Marketing: A day in the life
In the digital age, marketing attracts both creative types and hard-core number-crunchers. But whatever their skill set, all marketers have the same goal: to build positive, lasting connections between business and paying customers.
Curious about a career in marketing? Here's a snapshot of a typical day:
- Position a company's brand in the marketplace, competing for customers across mobile, web, social media and print channels
- Research customer behavior to uncover the trends: where they are, what they do, and what they value most
- Turn market research into actionable business insights and goals
- Create and strategize multi-channel marketing campaigns, from print pieces to Pinterest
- Experiment with emerging technology to cultivate loyal customers and brand enthusiasts
Is marketing a good career fit for you? Check out the 11 must-have traits of the modern marketing pro:
The numbers don't lie. Tracking everything from Facebook "likes" to email click-through rates, digital marketers are practically married to their metrics. By measuring the results of their efforts, they discover which tactics are successful, and which they should adjust.
Good marketers are masters of creative problem-solving. It's their job to approach any situation—or product—with new eyes and develop a fresh approach. Case in point: The wildly successful "Got Milk?" campaign, which turned a humdrum staple into a national catchphrase.
3. Great storytellers
In the old days, companies could afford to shout one-way messages at their customers from billboards and TV commercials. No more. Today's best marketers—the ones whose ads show up in the Super Bowl broadcast—tap into the human need for narrative to make their case.
Lone wolves need not apply. Good marketers know that they can't be successful without support. From website design to data analytics, marketing is an intensely collaborative field that depends on solid partnerships for success.
Thanks to social media and the rise of the blogosphere, customers have more power than ever before. Savvy marketers get this. They're relentlessly curious about customers—where they are, what they want, which apps they run on their phones. The goal? To deliver tip-top service and cultivate long-lasting relationships.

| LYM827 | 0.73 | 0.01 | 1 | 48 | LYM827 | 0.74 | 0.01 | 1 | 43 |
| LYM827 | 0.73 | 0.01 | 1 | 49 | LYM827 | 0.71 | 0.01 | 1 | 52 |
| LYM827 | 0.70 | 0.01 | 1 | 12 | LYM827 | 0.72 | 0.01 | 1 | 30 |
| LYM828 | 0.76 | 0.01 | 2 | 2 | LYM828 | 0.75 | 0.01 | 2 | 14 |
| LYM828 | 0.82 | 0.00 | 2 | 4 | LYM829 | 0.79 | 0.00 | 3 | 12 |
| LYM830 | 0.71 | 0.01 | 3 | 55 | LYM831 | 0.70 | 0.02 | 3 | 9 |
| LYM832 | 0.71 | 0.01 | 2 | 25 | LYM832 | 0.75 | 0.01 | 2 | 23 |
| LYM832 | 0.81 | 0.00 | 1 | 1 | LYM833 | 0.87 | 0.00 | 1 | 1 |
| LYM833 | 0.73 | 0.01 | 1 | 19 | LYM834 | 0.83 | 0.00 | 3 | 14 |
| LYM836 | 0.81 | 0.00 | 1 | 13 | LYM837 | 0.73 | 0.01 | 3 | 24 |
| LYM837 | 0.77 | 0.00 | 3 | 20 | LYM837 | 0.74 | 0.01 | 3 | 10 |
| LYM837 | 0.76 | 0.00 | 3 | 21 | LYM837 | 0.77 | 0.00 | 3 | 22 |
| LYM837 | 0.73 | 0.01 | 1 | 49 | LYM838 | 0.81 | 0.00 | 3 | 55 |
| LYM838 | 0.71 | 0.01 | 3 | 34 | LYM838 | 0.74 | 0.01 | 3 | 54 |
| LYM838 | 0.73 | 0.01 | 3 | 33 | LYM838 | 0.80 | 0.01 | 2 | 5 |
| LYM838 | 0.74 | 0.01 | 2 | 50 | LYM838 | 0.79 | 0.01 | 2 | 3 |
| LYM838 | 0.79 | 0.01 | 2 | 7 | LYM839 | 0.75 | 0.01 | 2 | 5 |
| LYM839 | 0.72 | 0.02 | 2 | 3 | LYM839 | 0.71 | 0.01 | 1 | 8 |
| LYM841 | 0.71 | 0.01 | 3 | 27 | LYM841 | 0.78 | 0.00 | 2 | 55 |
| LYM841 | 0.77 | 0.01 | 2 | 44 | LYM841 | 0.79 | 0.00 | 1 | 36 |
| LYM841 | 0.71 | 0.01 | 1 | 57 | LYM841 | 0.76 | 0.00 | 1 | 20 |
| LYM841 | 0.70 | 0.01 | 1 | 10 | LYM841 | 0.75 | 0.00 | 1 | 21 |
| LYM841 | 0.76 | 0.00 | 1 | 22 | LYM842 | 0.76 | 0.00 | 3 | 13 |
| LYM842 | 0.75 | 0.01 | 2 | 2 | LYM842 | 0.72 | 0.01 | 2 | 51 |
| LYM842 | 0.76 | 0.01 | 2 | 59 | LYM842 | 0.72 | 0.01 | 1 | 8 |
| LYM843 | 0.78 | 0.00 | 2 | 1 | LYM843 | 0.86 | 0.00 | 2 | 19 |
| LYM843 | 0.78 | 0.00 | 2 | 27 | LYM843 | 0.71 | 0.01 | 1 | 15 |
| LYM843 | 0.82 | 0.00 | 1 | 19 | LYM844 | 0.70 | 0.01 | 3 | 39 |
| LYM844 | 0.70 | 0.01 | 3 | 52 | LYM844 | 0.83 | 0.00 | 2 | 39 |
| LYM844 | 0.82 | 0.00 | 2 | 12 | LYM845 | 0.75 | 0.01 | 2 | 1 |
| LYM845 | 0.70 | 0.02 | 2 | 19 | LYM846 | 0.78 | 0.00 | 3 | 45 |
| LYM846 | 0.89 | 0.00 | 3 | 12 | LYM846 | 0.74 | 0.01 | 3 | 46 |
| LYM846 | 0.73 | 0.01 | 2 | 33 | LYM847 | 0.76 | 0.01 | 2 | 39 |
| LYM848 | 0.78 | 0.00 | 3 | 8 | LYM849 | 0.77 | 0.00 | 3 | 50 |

In marketing, there's no such thing as "set it and forget it." As new channels constantly emerge, marketing pros are on technology's leading edge, pioneering approaches that have never seen the light of day. The great thing about marketing? If one strategy doesn’t pan out, there's another one to try next time.
A marketer's job is to go where the crowd isn't—yet. What trends are emerging? What will customers want in the next 6 months? The next 6 years? Marketing pros are always looking ahead to see where their product should be and how they can best serve customers.
Some roles in digital marketing are so new that there's no formal training program in place. (Ever seen "growth hacking" listed as a major?) In a field that's constantly changing, marketers must be life-long learners, willing to discover new ideas and approaches at every stage of their careers.
See item number one. With metrics in place to measure the success of every effort, marketers are compelled to be accountable to company goals. It's not enough to come up with a catchy phrase or slick advertisement; a marketer's quest is to connect with paying customers.
Gone are the days when marketers could push a simple "Buy now!" message. As customers have grown savvier, the marketing field has become more sophisticated. The best marketers in the business don't just sell-sell-sell; they bring solid critical thinking skills and real insights into human psychology.
Sooner or later, a marketer will face failure. It's just part of the territory. True marketing mavens share credit for successes with others and take responsibility when an effort falls short. These professionals are in it for the long haul, skilled at balancing short-term setbacks against the big picture.
[Want to get into marketing but can't ditch your day job to get a degree? See if an online marketing program is right for you.]
From research analyst to content creator, most marketing jobs require a four-year degree. There are plenty of options out there, including part-time online programs designed with working adults in mind. Start exploring now and discover the marketing degree program that's just right for you.